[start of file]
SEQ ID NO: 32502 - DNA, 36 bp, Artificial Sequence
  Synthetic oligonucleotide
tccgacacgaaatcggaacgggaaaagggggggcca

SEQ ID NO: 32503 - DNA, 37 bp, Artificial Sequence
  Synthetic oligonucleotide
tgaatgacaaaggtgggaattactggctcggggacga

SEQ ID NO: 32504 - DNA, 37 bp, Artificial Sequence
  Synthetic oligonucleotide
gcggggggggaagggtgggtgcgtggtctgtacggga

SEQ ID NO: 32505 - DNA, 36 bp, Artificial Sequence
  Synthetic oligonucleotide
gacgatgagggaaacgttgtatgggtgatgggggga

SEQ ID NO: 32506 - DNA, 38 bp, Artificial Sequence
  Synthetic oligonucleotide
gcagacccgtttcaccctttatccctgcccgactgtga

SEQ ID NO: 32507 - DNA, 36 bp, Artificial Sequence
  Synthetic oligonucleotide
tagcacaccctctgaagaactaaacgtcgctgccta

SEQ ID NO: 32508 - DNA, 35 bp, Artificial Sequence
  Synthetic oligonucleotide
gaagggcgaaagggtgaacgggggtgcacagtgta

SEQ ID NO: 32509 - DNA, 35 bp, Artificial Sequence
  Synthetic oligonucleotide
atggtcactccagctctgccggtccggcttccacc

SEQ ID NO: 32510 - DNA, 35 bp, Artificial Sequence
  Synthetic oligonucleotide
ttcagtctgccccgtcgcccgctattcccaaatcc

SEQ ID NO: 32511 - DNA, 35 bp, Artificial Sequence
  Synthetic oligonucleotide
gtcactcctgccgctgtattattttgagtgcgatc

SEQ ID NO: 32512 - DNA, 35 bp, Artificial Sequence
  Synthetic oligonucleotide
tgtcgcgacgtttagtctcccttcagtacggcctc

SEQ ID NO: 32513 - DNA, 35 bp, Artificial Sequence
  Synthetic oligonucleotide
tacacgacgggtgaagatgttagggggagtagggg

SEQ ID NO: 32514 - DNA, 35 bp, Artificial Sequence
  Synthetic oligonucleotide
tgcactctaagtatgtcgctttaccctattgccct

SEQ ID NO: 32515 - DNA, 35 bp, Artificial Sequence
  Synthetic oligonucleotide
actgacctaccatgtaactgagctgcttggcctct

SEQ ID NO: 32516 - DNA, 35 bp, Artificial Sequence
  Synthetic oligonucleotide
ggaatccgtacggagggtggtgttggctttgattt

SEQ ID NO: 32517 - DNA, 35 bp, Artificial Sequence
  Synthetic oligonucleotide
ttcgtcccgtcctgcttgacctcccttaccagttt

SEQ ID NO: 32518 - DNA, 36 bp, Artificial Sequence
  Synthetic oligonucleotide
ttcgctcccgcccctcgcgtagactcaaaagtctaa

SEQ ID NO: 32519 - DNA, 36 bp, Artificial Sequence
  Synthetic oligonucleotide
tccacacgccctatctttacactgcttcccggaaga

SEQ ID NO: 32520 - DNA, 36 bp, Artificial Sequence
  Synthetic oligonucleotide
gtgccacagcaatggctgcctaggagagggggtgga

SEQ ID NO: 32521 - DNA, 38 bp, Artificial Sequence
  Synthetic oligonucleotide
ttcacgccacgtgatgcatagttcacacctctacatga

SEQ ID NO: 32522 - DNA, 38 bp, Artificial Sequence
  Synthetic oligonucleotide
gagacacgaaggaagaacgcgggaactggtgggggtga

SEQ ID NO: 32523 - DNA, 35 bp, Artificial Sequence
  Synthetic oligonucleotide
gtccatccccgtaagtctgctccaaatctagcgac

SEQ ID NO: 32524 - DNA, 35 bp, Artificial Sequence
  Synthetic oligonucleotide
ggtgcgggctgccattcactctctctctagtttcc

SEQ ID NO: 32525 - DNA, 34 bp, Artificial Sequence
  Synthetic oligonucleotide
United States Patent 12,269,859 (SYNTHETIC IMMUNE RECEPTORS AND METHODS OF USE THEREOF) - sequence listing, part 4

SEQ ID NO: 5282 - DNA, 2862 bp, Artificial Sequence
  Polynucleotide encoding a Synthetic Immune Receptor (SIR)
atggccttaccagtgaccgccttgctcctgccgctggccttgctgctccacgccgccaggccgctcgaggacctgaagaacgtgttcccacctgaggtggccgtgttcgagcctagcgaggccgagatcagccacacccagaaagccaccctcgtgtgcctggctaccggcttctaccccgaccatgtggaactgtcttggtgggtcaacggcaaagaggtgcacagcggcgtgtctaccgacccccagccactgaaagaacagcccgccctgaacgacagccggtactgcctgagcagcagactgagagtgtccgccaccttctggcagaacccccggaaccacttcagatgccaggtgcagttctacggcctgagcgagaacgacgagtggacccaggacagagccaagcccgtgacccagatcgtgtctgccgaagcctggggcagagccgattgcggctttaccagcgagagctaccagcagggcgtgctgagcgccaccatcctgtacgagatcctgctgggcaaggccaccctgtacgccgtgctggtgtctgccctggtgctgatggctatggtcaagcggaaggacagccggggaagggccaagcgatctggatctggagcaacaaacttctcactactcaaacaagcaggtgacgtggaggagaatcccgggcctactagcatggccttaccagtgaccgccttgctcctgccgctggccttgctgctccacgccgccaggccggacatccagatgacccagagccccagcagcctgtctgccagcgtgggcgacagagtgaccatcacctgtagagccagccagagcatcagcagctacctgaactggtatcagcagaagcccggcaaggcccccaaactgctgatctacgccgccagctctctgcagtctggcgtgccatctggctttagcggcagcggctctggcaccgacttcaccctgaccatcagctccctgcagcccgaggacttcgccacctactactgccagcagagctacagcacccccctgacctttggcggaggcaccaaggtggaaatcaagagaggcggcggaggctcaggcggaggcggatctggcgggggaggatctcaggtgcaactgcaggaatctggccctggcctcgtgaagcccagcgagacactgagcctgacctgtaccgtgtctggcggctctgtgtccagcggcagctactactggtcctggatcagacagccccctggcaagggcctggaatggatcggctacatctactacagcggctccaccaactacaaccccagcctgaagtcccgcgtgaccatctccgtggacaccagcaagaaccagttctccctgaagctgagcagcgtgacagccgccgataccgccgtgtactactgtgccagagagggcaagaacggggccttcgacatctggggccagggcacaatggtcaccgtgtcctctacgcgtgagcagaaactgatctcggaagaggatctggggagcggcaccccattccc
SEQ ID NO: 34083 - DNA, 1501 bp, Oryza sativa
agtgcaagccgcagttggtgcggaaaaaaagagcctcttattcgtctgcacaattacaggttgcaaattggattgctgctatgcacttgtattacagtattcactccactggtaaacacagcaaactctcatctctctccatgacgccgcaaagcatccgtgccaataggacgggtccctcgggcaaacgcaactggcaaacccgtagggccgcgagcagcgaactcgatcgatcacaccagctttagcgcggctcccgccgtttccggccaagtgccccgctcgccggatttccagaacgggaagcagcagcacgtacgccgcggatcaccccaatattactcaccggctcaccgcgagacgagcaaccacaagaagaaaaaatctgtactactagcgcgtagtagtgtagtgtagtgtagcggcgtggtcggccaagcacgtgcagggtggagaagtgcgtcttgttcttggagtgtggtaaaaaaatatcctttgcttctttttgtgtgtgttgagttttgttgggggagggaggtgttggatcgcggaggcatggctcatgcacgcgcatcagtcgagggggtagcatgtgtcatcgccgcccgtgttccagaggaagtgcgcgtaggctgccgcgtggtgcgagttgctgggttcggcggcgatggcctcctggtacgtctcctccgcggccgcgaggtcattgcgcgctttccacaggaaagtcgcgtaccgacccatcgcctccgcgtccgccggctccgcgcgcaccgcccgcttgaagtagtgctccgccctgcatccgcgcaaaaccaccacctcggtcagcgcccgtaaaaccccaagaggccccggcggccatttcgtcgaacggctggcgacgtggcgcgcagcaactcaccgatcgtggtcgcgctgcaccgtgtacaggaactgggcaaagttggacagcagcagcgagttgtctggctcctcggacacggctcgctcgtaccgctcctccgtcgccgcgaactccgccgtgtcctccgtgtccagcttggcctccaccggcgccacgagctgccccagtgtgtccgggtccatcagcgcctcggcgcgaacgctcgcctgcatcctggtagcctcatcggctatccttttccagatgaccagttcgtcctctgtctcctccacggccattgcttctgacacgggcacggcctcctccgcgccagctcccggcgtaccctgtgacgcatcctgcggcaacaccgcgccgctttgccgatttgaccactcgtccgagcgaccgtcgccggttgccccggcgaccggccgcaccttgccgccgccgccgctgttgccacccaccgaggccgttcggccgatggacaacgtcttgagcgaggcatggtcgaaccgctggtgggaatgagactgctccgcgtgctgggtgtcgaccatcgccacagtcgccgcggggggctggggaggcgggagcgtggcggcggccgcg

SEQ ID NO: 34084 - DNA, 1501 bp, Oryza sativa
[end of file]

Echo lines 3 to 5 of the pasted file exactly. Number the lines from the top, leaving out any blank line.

tccgacacgaaatcggaacgggaaaagggggggcca

SEQ ID NO: 32503 - DNA, 37 bp, Artificial Sequence
  Synthetic oligonucleotide